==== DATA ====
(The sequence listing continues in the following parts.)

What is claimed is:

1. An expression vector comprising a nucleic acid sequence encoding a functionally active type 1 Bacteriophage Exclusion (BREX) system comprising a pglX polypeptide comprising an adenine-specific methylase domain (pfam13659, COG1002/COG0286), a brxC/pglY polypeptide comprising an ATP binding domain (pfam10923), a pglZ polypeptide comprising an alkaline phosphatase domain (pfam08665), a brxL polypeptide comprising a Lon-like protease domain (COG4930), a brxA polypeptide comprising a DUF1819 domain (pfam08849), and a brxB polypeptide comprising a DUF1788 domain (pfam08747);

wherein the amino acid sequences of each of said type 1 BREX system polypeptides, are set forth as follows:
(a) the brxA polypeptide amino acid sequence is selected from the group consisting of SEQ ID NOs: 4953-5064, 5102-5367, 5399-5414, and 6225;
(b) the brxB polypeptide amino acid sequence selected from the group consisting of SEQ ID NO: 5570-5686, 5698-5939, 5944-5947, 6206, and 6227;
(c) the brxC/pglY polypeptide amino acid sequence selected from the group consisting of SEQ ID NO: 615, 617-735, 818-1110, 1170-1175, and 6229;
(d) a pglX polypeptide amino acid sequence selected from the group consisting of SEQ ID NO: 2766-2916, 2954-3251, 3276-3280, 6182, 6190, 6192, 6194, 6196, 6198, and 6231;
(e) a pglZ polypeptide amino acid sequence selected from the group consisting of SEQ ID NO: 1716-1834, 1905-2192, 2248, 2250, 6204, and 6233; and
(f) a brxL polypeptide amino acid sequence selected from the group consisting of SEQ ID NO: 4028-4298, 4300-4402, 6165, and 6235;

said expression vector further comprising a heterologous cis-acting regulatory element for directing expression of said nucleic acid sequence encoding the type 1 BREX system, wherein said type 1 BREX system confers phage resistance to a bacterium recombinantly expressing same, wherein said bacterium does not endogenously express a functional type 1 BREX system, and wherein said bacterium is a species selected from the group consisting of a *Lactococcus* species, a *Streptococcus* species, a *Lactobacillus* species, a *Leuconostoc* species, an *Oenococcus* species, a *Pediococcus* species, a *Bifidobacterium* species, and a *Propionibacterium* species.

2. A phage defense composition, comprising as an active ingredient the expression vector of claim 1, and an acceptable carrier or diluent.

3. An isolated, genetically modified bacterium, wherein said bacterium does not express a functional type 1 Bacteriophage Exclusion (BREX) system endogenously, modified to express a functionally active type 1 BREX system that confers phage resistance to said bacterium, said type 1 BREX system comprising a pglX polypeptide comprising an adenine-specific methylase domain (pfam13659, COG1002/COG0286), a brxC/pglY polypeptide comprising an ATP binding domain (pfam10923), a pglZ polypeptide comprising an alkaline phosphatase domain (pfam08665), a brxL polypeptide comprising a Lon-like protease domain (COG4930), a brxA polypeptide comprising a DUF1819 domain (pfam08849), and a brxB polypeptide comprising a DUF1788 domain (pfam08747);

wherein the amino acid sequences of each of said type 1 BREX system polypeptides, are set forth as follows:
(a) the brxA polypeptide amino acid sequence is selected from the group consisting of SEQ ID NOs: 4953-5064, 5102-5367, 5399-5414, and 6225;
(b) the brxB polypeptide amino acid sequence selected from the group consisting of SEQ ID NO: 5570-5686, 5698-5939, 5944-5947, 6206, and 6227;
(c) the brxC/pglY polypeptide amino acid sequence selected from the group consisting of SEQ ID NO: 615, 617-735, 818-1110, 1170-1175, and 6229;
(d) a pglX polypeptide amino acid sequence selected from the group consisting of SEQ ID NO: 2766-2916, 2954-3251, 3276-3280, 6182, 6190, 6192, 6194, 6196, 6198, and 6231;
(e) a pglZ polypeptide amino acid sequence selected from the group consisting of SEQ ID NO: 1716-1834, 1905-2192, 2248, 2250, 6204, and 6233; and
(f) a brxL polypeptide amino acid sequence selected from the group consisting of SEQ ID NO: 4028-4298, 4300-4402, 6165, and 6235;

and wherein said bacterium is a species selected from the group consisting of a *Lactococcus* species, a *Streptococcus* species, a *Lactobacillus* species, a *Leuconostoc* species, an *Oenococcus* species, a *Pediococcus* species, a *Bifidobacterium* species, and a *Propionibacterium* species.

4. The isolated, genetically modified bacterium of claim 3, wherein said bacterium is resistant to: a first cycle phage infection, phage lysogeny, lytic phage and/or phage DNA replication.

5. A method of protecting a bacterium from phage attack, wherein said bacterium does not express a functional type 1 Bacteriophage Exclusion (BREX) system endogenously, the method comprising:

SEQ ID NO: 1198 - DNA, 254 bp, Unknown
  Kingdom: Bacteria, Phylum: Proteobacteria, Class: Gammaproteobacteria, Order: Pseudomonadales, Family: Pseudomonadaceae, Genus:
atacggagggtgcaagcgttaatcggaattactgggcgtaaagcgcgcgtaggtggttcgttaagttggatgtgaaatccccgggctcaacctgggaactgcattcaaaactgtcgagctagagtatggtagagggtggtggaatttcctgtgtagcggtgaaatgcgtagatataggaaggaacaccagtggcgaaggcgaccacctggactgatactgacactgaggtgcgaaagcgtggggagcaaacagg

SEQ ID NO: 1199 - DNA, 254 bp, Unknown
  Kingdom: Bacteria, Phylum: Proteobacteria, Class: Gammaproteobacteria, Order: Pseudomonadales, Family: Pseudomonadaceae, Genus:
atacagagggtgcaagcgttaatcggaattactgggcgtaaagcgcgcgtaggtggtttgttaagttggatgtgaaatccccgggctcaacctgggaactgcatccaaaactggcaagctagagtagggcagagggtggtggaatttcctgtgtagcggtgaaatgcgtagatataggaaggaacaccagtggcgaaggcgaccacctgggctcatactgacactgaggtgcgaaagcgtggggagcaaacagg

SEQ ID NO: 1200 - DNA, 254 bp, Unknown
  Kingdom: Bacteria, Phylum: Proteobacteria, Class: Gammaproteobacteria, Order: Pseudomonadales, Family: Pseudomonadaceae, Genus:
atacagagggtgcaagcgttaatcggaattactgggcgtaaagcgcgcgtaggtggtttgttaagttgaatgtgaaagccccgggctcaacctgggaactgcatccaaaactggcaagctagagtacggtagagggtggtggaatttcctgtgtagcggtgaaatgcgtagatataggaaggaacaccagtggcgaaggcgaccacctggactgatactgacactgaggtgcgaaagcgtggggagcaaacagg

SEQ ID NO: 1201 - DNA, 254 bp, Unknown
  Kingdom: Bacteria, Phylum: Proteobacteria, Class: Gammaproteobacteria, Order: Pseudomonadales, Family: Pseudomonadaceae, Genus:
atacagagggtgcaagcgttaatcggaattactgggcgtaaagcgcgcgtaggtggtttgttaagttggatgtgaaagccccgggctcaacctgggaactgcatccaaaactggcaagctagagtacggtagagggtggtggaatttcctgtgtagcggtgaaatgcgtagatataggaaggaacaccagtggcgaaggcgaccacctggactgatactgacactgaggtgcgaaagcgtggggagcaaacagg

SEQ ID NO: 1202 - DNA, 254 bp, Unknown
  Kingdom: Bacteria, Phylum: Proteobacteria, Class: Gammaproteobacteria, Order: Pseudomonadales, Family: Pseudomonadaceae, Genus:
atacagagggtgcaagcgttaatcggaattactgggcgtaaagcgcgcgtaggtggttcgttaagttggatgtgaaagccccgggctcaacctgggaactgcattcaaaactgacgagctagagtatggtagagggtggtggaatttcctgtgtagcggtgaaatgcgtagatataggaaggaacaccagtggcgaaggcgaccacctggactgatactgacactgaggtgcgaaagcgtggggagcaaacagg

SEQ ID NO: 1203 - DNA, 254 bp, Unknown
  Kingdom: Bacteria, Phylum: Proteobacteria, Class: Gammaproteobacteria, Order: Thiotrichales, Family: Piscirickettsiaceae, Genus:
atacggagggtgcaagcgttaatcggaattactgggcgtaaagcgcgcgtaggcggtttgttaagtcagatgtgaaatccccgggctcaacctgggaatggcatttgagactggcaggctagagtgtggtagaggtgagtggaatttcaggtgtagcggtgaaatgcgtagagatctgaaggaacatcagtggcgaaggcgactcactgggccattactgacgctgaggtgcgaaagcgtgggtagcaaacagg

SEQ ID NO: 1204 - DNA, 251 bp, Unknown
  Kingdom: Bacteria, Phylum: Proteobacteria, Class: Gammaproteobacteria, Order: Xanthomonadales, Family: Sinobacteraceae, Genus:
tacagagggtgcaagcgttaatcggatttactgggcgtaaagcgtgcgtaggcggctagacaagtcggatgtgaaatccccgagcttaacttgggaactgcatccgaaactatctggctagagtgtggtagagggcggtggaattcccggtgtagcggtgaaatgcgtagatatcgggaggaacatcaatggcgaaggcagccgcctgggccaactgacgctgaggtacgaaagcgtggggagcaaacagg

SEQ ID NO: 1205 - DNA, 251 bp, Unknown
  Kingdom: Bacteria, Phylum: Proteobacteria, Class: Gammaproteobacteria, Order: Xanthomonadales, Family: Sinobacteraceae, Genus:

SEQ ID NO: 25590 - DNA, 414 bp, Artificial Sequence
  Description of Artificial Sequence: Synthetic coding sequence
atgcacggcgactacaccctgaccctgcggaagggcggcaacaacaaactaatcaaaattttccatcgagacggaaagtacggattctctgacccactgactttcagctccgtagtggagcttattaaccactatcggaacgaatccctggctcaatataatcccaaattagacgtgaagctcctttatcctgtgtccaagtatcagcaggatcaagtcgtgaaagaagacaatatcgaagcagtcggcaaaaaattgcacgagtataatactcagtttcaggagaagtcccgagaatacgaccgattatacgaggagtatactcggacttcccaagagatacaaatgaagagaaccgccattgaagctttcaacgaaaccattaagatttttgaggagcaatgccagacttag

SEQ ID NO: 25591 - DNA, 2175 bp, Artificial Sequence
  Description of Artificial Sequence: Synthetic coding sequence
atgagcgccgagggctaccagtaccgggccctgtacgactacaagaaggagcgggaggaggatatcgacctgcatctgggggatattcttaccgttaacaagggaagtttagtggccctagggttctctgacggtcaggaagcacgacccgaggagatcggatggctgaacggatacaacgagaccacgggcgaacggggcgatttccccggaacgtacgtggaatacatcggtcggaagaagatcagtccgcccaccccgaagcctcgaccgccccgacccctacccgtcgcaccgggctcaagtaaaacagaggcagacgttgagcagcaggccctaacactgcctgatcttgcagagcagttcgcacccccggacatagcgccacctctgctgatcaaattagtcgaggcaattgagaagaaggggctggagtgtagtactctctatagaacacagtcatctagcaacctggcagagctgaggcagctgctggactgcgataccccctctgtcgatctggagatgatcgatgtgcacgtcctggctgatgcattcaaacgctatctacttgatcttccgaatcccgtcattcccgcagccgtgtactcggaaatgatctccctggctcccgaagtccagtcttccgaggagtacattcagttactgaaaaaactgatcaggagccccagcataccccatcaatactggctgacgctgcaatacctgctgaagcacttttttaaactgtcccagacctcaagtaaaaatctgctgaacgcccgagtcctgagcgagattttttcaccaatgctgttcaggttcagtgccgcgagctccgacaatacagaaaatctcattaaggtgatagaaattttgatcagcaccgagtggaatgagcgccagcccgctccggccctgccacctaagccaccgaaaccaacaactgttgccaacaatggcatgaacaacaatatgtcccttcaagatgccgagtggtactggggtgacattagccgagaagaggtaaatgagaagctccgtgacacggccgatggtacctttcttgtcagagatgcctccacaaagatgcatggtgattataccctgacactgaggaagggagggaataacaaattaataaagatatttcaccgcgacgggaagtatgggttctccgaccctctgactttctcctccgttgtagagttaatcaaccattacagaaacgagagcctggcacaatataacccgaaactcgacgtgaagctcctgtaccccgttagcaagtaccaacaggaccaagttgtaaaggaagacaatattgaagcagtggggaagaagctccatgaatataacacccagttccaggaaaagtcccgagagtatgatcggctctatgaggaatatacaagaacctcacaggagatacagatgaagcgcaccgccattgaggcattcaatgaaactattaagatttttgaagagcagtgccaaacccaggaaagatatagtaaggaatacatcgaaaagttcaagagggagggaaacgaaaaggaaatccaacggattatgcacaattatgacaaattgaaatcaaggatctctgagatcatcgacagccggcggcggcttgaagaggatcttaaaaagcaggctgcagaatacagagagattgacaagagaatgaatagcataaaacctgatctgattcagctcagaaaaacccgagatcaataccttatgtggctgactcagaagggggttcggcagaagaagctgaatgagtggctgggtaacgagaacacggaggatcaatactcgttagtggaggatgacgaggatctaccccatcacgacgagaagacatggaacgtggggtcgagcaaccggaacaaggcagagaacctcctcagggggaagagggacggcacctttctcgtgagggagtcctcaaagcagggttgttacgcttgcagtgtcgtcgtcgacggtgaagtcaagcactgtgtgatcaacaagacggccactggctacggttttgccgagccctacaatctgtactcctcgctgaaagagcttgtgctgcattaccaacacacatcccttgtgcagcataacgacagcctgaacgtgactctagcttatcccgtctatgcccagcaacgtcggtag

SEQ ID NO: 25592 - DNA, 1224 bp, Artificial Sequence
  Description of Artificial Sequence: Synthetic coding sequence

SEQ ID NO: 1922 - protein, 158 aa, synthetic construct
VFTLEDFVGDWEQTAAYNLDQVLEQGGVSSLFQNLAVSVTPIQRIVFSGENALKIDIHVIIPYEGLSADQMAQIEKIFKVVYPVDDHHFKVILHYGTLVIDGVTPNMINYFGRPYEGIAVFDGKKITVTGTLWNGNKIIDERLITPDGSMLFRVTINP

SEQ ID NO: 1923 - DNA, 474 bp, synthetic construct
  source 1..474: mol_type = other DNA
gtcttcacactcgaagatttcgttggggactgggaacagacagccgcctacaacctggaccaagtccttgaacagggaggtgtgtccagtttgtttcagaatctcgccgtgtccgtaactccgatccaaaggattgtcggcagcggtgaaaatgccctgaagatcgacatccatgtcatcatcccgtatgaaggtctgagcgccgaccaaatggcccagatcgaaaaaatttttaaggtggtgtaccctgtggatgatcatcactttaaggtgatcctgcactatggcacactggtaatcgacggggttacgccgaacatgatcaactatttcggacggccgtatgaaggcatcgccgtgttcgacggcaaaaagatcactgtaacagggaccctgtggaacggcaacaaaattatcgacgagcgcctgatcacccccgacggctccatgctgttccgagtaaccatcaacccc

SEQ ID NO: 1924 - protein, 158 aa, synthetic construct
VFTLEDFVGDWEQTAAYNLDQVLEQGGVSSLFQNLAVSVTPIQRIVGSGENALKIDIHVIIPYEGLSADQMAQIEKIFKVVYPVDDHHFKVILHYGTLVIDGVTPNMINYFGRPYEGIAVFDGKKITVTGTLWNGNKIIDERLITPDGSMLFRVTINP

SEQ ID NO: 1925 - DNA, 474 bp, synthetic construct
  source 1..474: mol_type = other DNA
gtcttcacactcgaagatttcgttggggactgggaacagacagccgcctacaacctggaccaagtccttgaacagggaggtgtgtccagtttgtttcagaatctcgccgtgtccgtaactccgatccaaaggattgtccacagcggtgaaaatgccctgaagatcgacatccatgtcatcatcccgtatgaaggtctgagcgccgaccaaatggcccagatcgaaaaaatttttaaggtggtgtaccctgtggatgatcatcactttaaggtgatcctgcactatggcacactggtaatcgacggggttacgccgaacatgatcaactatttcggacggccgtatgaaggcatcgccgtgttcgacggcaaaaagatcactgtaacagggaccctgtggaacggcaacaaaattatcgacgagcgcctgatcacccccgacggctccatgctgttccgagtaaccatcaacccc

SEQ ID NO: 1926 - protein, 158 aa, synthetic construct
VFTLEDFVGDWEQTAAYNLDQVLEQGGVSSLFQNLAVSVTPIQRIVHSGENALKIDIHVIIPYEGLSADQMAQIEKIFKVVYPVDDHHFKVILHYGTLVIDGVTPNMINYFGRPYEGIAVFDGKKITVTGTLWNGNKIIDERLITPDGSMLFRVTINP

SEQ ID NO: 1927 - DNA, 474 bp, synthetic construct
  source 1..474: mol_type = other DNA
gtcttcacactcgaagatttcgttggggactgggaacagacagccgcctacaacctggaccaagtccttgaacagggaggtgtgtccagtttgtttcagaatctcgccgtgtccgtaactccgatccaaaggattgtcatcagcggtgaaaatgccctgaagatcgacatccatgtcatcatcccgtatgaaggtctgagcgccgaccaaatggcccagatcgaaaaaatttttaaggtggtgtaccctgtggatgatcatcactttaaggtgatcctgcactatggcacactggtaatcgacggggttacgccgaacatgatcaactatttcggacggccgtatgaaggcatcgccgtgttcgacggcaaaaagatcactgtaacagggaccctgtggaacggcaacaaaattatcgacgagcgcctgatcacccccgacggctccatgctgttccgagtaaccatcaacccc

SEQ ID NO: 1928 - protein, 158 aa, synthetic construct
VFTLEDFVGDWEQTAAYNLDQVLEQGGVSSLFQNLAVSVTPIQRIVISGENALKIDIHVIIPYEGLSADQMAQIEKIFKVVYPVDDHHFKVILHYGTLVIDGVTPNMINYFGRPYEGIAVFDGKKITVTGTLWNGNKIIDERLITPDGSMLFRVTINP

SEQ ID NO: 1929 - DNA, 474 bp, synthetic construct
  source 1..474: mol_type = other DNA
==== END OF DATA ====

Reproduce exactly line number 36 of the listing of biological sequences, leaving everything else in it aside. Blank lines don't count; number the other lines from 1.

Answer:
SEQ ID NO: 1202 - DNA, 254 bp, Unknown